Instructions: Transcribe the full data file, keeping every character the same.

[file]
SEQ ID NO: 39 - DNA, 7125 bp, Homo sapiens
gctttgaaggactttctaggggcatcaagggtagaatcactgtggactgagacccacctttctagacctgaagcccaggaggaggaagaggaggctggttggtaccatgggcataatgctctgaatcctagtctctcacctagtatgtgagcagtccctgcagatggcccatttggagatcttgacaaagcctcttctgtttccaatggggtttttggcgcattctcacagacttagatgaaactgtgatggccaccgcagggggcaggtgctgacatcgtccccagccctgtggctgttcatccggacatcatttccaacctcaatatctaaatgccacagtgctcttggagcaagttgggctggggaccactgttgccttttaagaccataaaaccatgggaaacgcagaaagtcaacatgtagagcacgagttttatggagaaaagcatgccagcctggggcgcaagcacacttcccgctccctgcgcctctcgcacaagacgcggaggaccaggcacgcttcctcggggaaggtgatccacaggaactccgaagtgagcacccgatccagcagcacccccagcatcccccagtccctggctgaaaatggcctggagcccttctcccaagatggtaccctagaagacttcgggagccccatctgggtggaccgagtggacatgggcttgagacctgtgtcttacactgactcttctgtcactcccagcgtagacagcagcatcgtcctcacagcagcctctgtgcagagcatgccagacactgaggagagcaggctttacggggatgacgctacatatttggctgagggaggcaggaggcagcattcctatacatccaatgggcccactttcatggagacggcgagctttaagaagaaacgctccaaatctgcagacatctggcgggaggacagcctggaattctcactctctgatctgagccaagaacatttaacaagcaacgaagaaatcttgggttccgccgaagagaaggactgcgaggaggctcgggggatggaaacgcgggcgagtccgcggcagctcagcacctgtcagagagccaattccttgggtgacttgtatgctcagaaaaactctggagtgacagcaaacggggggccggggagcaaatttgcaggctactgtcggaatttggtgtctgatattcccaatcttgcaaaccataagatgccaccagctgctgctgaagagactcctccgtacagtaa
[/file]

SEQ ID NO: 39 - DNA, 7125 bp, Homo sapiens
gctttgaaggactttctaggggcatcaagggtagaatcactgtggactgagacccacctttctagacctgaagcccaggaggaggaagaggaggctggttggtaccatgggcataatgctctgaatcctagtctctcacctagtatgtgagcagtccctgcagatggcccatttggagatcttgacaaagcctcttctgtttccaatggggtttttggcgcattctcacagacttagatgaaactgtgatggccaccgcagggggcaggtgctgacatcgtccccagccctgtggctgttcatccggacatcatttccaacctcaatatctaaatgccacagtgctcttggagcaagttgggctggggaccactgttgccttttaagaccataaaaccatgggaaacgcagaaagtcaacatgtagagcacgagttttatggagaaaagcatgccagcctggggcgcaagcacacttcccgctccctgcgcctctcgcacaagacgcggaggaccaggcacgcttcctcggggaaggtgatccacaggaactccgaagtgagcacccgatccagcagcacccccagcatcccccagtccctggctgaaaatggcctggagcccttctcccaagatggtaccctagaagacttcgggagccccatctgggtggaccgagtggacatgggcttgagacctgtgtcttacactgactcttctgtcactcccagcgtagacagcagcatcgtcctcacagcagcctctgtgcagagcatgccagacactgaggagagcaggctttacggggatgacgctacatatttggctgagggaggcaggaggcagcattcctatacatccaatgggcccactttcatggagacggcgagctttaagaagaaacgctccaaatctgcagacatctggcgggaggacagcctggaattctcactctctgatctgagccaagaacatttaacaagcaacgaagaaatcttgggttccgccgaagagaaggactgcgaggaggctcgggggatggaaacgcgggcgagtccgcggcagctcagcacctgtcagagagccaattccttgggtgacttgtatgctcagaaaaactctggagtgacagcaaacggggggccggggagcaaatttgcaggctactgtcggaatttggtgtctgatattcccaatcttgcaaaccataagatgccaccagctgctgctgaagagactcctccgtacagtaa